5 steps to magically whipping a shitty first draft novel into shape

It’s a beautifully crafted literary masterpiece in your head, but miserable on paper. So how do you get from ‘pile of words’ to ‘book-shaped thing’ without going utterly and entirely insane through the redrafting process?

Here’s a big fucking secret: editing isn’t just about making the words sound right or sticking a comma in the right place – it’s about SCULPTING your story. It’s about chopping bits off and smoothing bits down and sometimes changing the shape entirely. Your first draft is meant to be rubbish. That’s what editing’s for.

Imagine you’re Michelangelo and someone’s just wheeled a gigantic piece of shit-quality marble into your studio – a block that’s so flawed no one thinks it’s worth the time and effort (true story). You point your chisel at that slab of marble and you tell the world: “I’m gonna transform this rock into something so frickin’ awesome it will endure throughout the ages as the pinnacle of artistic beauty.” (Paraphrased.)

You set to work.

You sleep in your clothes and your boots and you eat Renaissance-flavoured Pop Tarts and drink a lot of wine. You sculpt the ever-living crap out that block and when you brush that last tiny chip away, what do you have? A great big naked David.


So how d’you get from shit-slab to nude-dude? Well, we just so happen to have an entire course devoted to the subject, plug-plug-plug *marketing* <jazz hands> – but for now, here are 5 EDITING THINGS to help you wield that hammer and chisel with the confidence and sheer badassery of Michelangelo:

1. The first draft of anything is shit

Thanks apocryphal Hemmingway quote! Embrace the shitness. It’s ok. It’ll get better. You’ll make it better. Here at Writers HQ we call first drafts ‘zero drafts’, because the more distance you can put between you and that pile of incoherent narrative wrapped in delusions of literary grandeur the better. You’re at ground zero – you can only go upwards from here. As Terry Pratchett once said, ‘The first draft is just you telling yourself the story,’ so don’t be hard on yourself. Once you know what your story is about, you can crack on with a proper draft.

2. Don’t get stuck in the infinity loop

You know the one: fiddling with the same sentence over and over, rewriting that first chapter for the gazillionth time, changing your protagonist’s name back to Susan, no, maybe she’s a Hannah, no, actually she’s a George… Surface editing can be an incredible waste of time if you haven’t actually addressed some of the more fundamental issues with your story. Ignore the typos and the grammatical crimes and hit the big stuff first.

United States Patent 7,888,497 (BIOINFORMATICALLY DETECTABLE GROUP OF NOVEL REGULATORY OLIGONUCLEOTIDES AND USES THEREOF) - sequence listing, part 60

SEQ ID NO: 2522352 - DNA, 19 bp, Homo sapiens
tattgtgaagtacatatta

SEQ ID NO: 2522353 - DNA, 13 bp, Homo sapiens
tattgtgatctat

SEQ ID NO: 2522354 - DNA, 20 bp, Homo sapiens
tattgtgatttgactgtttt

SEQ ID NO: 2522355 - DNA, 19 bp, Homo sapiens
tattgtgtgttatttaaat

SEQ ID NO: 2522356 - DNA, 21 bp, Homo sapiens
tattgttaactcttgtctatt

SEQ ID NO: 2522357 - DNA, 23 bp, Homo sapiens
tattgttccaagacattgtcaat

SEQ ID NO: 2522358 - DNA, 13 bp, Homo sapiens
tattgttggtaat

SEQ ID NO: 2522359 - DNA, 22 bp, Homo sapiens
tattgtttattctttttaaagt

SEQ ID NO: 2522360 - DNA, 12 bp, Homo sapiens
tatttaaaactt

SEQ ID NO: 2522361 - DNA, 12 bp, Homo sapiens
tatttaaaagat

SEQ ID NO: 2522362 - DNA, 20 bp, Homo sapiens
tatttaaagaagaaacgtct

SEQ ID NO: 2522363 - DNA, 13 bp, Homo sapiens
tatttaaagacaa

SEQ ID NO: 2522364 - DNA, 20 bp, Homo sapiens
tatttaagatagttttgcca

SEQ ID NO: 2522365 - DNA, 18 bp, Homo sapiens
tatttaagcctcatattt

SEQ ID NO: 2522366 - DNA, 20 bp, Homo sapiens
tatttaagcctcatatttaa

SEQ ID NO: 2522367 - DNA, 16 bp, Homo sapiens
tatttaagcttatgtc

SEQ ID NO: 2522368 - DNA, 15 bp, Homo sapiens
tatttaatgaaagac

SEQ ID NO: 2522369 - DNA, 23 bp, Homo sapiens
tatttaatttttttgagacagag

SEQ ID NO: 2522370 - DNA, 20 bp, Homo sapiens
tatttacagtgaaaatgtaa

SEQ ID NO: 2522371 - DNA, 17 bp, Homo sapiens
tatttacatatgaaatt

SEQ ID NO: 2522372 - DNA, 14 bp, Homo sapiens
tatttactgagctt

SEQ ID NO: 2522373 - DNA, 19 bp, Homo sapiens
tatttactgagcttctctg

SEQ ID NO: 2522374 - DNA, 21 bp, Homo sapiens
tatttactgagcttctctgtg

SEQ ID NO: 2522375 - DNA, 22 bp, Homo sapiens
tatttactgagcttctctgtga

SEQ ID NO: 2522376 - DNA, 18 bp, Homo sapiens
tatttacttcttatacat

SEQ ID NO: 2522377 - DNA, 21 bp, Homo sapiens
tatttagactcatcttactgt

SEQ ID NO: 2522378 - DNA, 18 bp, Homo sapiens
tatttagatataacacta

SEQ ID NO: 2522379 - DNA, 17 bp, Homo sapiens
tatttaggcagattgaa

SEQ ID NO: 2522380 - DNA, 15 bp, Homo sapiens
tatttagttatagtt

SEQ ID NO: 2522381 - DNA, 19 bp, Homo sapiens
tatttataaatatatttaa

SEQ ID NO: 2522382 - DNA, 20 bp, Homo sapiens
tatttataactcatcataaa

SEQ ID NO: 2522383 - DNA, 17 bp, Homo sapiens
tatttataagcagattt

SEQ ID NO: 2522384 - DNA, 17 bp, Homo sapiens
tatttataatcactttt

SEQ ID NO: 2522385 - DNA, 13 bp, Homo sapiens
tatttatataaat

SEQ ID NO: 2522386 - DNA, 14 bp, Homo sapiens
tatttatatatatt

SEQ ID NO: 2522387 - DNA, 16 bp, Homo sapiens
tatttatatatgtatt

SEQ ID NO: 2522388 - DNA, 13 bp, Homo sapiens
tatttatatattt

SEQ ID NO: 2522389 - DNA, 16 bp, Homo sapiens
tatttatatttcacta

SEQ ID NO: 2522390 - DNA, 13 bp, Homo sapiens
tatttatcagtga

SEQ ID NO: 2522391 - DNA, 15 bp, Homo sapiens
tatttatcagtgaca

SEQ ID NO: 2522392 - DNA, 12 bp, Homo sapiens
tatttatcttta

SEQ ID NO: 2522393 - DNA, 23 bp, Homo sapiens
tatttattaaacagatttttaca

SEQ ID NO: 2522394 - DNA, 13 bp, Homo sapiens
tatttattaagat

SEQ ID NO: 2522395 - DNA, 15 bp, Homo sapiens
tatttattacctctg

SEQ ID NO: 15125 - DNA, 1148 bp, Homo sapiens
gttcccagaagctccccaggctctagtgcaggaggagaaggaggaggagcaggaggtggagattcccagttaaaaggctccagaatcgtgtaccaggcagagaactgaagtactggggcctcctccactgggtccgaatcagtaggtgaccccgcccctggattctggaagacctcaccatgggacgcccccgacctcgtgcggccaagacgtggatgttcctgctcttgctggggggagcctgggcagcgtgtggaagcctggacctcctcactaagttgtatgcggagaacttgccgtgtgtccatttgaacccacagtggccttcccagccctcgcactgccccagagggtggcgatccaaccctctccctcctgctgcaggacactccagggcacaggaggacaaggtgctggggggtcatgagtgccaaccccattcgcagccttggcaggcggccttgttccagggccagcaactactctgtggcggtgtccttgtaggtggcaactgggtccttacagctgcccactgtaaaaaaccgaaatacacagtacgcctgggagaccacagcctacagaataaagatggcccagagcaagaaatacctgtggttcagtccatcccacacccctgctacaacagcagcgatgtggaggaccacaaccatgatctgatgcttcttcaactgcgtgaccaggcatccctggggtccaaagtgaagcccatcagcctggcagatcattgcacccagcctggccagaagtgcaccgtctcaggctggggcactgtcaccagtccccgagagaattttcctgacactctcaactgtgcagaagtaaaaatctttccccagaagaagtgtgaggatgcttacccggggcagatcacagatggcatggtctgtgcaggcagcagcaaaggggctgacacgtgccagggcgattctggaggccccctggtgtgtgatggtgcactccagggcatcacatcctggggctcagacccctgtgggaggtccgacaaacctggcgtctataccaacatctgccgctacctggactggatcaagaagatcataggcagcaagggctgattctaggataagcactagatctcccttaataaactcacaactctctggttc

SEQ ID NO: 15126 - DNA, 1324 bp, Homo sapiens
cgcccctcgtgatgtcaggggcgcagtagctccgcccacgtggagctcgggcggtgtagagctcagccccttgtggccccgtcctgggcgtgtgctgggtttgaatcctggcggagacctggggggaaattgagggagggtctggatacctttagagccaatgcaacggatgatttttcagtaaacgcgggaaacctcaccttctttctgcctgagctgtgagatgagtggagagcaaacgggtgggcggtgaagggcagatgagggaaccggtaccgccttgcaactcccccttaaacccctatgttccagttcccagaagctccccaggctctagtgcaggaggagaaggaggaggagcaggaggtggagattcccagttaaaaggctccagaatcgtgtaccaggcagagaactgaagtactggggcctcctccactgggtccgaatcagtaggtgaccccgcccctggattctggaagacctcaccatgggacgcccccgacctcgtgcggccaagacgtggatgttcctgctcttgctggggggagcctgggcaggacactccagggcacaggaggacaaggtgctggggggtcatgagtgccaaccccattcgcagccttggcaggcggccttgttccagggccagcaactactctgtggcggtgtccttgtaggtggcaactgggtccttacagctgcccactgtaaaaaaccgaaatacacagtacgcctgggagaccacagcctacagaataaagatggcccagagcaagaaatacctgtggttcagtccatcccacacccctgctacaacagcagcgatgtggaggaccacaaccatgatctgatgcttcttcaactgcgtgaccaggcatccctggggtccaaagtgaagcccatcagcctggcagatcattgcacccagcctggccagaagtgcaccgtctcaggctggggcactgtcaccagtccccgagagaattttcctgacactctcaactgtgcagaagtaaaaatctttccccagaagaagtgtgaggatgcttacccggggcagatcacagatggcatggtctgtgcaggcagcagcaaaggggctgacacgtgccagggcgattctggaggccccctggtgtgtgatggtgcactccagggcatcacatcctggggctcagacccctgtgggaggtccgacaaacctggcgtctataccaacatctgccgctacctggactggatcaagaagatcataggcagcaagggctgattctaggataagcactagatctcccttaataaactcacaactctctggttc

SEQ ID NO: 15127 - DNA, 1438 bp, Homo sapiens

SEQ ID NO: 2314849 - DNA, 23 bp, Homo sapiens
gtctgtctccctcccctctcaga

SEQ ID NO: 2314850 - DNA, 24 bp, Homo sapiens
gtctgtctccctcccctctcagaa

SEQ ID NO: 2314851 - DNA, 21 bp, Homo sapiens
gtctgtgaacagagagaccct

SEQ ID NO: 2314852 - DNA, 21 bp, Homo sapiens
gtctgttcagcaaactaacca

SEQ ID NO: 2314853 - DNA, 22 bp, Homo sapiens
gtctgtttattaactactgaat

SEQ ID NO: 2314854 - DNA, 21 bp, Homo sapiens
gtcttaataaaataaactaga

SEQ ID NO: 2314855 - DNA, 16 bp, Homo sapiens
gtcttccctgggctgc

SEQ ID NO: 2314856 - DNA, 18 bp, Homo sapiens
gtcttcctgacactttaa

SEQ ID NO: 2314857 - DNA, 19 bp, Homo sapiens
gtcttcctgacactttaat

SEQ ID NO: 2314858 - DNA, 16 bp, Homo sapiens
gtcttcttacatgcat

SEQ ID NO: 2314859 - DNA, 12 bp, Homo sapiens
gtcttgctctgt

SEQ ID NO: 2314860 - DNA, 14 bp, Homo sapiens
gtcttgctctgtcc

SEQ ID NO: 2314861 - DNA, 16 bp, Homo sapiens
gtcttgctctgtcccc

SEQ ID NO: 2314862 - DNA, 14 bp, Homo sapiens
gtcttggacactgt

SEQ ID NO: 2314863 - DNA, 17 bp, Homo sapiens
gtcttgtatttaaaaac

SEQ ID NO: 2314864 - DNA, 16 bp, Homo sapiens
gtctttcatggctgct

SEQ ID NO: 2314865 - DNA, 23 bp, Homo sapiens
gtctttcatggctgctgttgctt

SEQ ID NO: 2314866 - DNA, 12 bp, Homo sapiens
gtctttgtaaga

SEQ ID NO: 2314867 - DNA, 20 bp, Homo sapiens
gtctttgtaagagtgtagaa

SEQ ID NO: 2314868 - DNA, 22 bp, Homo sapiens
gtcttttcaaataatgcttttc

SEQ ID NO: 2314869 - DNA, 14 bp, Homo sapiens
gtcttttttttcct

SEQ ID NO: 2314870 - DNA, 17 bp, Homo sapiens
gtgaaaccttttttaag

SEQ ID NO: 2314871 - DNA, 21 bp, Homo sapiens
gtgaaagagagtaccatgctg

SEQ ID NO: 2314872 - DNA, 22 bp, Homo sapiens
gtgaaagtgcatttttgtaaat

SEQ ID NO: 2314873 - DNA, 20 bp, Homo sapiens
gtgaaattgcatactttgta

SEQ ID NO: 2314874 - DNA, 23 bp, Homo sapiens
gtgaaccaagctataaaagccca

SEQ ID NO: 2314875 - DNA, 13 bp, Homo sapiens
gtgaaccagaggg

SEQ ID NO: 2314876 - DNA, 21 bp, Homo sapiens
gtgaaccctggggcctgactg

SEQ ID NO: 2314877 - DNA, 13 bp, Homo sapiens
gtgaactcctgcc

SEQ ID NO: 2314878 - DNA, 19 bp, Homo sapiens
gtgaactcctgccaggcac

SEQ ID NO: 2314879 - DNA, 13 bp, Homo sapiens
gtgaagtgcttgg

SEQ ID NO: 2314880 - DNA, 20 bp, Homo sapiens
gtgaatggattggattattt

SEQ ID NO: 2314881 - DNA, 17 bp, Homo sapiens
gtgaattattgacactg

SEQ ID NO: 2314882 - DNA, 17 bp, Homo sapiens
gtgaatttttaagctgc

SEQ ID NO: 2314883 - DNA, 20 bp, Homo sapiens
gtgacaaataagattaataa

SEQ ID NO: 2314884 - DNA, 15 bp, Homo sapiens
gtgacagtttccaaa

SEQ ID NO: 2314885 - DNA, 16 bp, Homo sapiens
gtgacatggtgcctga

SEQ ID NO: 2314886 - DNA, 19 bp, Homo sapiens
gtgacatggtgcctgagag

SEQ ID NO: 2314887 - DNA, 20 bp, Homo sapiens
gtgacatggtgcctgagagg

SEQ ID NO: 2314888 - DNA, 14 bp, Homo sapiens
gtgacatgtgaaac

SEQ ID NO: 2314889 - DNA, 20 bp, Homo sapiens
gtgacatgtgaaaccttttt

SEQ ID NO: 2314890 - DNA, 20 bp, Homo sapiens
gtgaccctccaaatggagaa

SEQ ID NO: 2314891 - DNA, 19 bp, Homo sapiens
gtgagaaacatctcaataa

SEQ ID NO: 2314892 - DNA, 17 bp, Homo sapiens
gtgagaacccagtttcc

3. Deconstruct before you reconstruct

Chances are your first draft turned out dramatically different to your original plan. Chances are, it’s going to look completely different to your final draft. So stop being precious about it – treat it like a set of building blocks and start deconstructing. Take it apart scene by scene and work out what needs to be cut, what needs to be rewritten, and what can stay. Once you get rid of the fluff (byeee, 50,000 words of unnecessary backstory) it’s much easier to work with the good shit.

4. Tackle edits in sweeps

Trying to edit a 100,000 word novel in one fell swoop is pure masochism. Deconstruction helps (see tip 3) but so does tackling your redraft in several focused sweeps. Swoops. Whatevs. For example: use a swoop/sweep to go through your manuscript looking for inconsistencies in your timeline; or to check that each character has their own distinctive voice; or to make sure you tied up that little subplot about the long lost sister. Editing with a specific target in mind helps you to stay focused and get that shit done, sweep by swoop.

5. Don’t go it alone

Writing is fucking lonely. And your partner/mum/cat only has so much patience when you’re whining about that scene you just_can’t_get_frickin’_right over and over again. Plus, the longer you stare at your own work, the harder it is to be objective about it. You get to the point where you’d rather read James Joyce’s filthy love letters (don’t Google it, don’t Google it, honestly, you will be scarred for life) than go through your book one more time. Here’s where you need a beta reader. Or several. Shout out on Twitter (or @ us and we’ll shout out for you), join a writing group, and swap chapters with a friendly writer/reader who’s willing to give you their thoughts. Or, if you’ve got some spare cash, use an editing service to get some ‘legit’ feedback (though in our experience, the humble beta is just as good in many cases). Sometimes a fresh pair of eyes is what you need to solve that agonising plot issue, or remind you that hey, yeah, you can actually write a damn good story.

 ~

 

To those who are about to edit: we salute you. And if you need some extra help, our six week online editing course is ready and waiting to take you gently by the hand and guide you through the wilderness of redrafting. We’ll take you through each editing stage in intricate detail, and set you up with a practical, comprehensive plan for your next draft, along with a whole stack of redrafting tips and techniques. Sound good? Good. BOOK THAT SHIT HERE.

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